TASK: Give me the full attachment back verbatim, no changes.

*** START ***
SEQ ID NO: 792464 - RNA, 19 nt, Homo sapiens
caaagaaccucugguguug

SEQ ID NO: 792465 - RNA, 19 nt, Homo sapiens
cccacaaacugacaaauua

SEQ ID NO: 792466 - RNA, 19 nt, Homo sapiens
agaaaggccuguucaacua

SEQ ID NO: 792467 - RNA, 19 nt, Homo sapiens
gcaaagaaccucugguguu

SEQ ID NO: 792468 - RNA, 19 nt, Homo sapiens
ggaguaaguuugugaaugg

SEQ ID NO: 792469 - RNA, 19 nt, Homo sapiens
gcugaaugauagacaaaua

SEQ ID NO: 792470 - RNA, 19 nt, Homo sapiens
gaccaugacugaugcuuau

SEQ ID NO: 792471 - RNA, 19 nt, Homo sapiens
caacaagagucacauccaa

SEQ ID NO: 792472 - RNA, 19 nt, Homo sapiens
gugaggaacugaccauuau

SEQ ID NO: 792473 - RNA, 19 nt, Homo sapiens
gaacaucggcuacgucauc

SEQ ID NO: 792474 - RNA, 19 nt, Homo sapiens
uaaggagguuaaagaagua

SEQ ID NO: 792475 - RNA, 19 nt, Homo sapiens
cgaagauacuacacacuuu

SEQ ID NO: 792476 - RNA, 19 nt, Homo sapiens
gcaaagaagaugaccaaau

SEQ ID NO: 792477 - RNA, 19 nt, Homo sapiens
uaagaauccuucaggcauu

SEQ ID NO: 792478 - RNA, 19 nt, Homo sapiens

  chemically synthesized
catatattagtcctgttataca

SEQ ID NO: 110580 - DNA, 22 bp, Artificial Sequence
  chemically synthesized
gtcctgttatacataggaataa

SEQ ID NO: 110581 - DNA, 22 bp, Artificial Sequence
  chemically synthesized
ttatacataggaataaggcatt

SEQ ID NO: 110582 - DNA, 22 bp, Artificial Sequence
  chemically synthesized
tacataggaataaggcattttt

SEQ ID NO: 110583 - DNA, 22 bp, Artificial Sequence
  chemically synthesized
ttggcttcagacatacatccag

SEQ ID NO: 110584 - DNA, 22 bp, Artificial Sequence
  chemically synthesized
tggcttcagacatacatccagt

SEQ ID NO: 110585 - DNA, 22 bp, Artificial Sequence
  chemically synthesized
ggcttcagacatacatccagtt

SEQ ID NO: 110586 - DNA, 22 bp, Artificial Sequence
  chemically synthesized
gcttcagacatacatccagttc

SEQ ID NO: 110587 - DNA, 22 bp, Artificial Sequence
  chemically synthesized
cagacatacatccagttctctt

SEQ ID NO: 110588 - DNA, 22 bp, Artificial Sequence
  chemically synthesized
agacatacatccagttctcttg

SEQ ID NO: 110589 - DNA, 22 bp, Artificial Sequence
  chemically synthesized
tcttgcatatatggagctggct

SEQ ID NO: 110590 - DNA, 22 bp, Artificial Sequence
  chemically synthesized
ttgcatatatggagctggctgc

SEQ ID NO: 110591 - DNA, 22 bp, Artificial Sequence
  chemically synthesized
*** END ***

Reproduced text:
SEQ ID NO: 792464 - RNA, 19 nt, Homo sapiens
caaagaaccucugguguug

SEQ ID NO: 792465 - RNA, 19 nt, Homo sapiens
cccacaaacugacaaauua

SEQ ID NO: 792466 - RNA, 19 nt, Homo sapiens
agaaaggccuguucaacua

SEQ ID NO: 792467 - RNA, 19 nt, Homo sapiens
gcaaagaaccucugguguu

SEQ ID NO: 792468 - RNA, 19 nt, Homo sapiens
ggaguaaguuugugaaugg

SEQ ID NO: 792469 - RNA, 19 nt, Homo sapiens
gcugaaugauagacaaaua

SEQ ID NO: 792470 - RNA, 19 nt, Homo sapiens
gaccaugacugaugcuuau

SEQ ID NO: 792471 - RNA, 19 nt, Homo sapiens
caacaagagucacauccaa

SEQ ID NO: 792472 - RNA, 19 nt, Homo sapiens
gugaggaacugaccauuau

SEQ ID NO: 792473 - RNA, 19 nt, Homo sapiens
gaacaucggcuacgucauc

SEQ ID NO: 792474 - RNA, 19 nt, Homo sapiens
uaaggagguuaaagaagua

SEQ ID NO: 792475 - RNA, 19 nt, Homo sapiens
cgaagauacuacacacuuu

SEQ ID NO: 792476 - RNA, 19 nt, Homo sapiens
gcaaagaagaugaccaaau

SEQ ID NO: 792477 - RNA, 19 nt, Homo sapiens
uaagaauccuucaggcauu

SEQ ID NO: 792478 - RNA, 19 nt, Homo sapiens

  chemically synthesized
catatattagtcctgttataca

SEQ ID NO: 110580 - DNA, 22 bp, Artificial Sequence
  chemically synthesized
gtcctgttatacataggaataa

SEQ ID NO: 110581 - DNA, 22 bp, Artificial Sequence
  chemically synthesized
ttatacataggaataaggcatt

SEQ ID NO: 110582 - DNA, 22 bp, Artificial Sequence
  chemically synthesized
tacataggaataaggcattttt

SEQ ID NO: 110583 - DNA, 22 bp, Artificial Sequence
  chemically synthesized
ttggcttcagacatacatccag

SEQ ID NO: 110584 - DNA, 22 bp, Artificial Sequence
  chemically synthesized
tggcttcagacatacatccagt

SEQ ID NO: 110585 - DNA, 22 bp, Artificial Sequence
  chemically synthesized
ggcttcagacatacatccagtt

SEQ ID NO: 110586 - DNA, 22 bp, Artificial Sequence
  chemically synthesized
gcttcagacatacatccagttc

SEQ ID NO: 110587 - DNA, 22 bp, Artificial Sequence
  chemically synthesized
cagacatacatccagttctctt

SEQ ID NO: 110588 - DNA, 22 bp, Artificial Sequence
  chemically synthesized
agacatacatccagttctcttg

SEQ ID NO: 110589 - DNA, 22 bp, Artificial Sequence
  chemically synthesized
tcttgcatatatggagctggct

SEQ ID NO: 110590 - DNA, 22 bp, Artificial Sequence
  chemically synthesized
ttgcatatatggagctggctgc

SEQ ID NO: 110591 - DNA, 22 bp, Artificial Sequence
  chemically synthesized